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Thread: The Modern Combat Revolver

  1. #331
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    Quote Originally Posted by BillSWPA View Post
    While I have briefly tried mounted lights, I have found that a handheld light meets most of my needs best regardless of whether using a revolver or semiauto.

    Indoors, I prefer a neck index, or if coming around a corner, holding the light high and head/gun low, or head/gun high and light low.

    Outdoors, I prefer the FBI hold.

    For those who prefer a Rogers/Surefire/cigar hold or a Harries hold, I have found the key to these holds to be using a light touch on the gun hand with the support hand. That light touch will stabilize the gun, and anything more causes more problems than it solves. With this in mind, switching from a semiauto to a revolver should change little or nothing for these holds.
    This is a pretty handy gadget if you have not tried one. I have a few now. I believe this is the video that explains use that I discovered here.

    https://thyrm.com/sage-dynamics-video-thyrm-switchback/

  2. #332
    Hobbyist JAD's Avatar
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    Quote Originally Posted by BillSWPA View Post
    . That light touch will stabilize the gun, and anything more causes more problems than it solves.
    Iíve had decent results with both techniques, trained by Crews, Furr, Hackathorn, Smith, and Bolke. All of them emphasized that particularly with the Harries a forceful lock-up is the goal. Properly done they provide better results than SHO.
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  3. #333
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    Quote Originally Posted by JAD View Post
    Iíve had decent results with both techniques, trained by Crews, Furr, Hackathorn, Smith, and Bolke. All of them emphasized that particularly with the Harries a forceful lock-up is the goal. Properly done they provide better results than SHO.
    How did they teach you to deal with or eliminate the asymmetrical pressure on the shooting hand?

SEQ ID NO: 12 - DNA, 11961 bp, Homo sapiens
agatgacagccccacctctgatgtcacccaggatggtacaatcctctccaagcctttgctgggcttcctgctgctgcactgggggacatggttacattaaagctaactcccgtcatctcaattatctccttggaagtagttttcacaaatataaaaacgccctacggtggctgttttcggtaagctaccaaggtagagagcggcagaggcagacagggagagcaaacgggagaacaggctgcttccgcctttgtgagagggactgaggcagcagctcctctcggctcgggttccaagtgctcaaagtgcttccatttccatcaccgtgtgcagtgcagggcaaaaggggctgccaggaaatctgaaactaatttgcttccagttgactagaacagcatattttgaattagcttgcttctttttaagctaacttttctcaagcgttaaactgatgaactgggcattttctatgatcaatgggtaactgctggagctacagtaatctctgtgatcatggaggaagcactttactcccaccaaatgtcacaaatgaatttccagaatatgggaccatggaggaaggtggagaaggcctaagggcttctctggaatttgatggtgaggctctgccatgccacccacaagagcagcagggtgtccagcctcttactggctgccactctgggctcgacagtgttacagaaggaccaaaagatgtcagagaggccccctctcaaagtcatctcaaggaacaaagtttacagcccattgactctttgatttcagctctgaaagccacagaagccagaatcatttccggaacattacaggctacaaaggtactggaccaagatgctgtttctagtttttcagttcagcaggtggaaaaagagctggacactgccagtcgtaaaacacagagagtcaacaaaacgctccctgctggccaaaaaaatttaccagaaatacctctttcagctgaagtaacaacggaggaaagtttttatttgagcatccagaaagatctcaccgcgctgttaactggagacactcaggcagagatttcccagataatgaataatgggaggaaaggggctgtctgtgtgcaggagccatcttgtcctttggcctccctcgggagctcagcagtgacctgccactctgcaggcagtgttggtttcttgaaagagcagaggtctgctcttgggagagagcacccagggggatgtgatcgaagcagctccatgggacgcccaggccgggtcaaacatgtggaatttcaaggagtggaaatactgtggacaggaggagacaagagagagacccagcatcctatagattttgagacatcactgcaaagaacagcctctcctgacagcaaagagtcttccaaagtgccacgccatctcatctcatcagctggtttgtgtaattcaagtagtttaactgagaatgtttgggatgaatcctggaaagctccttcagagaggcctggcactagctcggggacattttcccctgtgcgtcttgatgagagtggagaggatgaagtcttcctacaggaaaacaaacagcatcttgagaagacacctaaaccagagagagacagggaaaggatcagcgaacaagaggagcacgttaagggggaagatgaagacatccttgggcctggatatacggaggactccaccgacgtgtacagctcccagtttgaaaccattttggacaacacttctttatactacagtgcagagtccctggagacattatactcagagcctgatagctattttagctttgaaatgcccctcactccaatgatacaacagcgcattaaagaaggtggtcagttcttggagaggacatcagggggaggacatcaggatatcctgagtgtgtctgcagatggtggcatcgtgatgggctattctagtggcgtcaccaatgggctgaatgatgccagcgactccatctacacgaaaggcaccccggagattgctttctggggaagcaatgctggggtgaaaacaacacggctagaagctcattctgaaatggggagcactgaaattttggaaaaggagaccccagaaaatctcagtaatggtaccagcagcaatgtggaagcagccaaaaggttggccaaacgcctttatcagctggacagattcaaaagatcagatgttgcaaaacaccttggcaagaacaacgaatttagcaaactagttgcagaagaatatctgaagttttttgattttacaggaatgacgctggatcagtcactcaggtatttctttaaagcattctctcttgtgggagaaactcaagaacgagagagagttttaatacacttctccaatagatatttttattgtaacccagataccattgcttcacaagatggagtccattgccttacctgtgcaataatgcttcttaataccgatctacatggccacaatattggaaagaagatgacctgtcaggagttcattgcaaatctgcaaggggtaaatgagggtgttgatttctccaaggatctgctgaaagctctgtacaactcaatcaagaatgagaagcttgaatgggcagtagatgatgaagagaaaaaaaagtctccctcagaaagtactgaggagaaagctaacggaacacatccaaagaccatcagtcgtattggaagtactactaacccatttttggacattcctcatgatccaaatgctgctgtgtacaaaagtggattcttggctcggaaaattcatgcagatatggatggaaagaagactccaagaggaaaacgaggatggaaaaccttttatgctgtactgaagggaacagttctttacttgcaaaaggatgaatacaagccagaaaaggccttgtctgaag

4. #334
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    I've got a Switchback on my EDC Modlite but I don't care for the "Switchback technique." I tend to default back to a temple or neck index like @BillSWPA described. This method seems to work well and requires less grip futzing than the switchback technique. I love the Switchback for acquiring the light in the pocket and the clip hangs onto pants nicely.

  5. #335
    Site Supporter 03RN's Avatar
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    Quote Originally Posted by BillSWPA View Post
    . With this in mind, switching from a semiauto to a revolver should change little or nothing for these holds.
    It's the reload that things get interesting.

    I dont like doing it with nice blued guns because it'll scratch the trigger guard/cylinder

  6. #336
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    Quote Originally Posted by 03RN View Post
    It's the reload that things get interesting.

    I dont like doing it with nice blued guns because it'll scratch the trigger guard/cylinder
    Good point. Do you put the light in its pouch during a reload?


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  7. #337
    Site Supporter 03RN's Avatar
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    Quote Originally Posted by BillSWPA View Post
    Good point. Do you put the light in its pouch during a reload?


    Sent from my iPhone using Tapatalk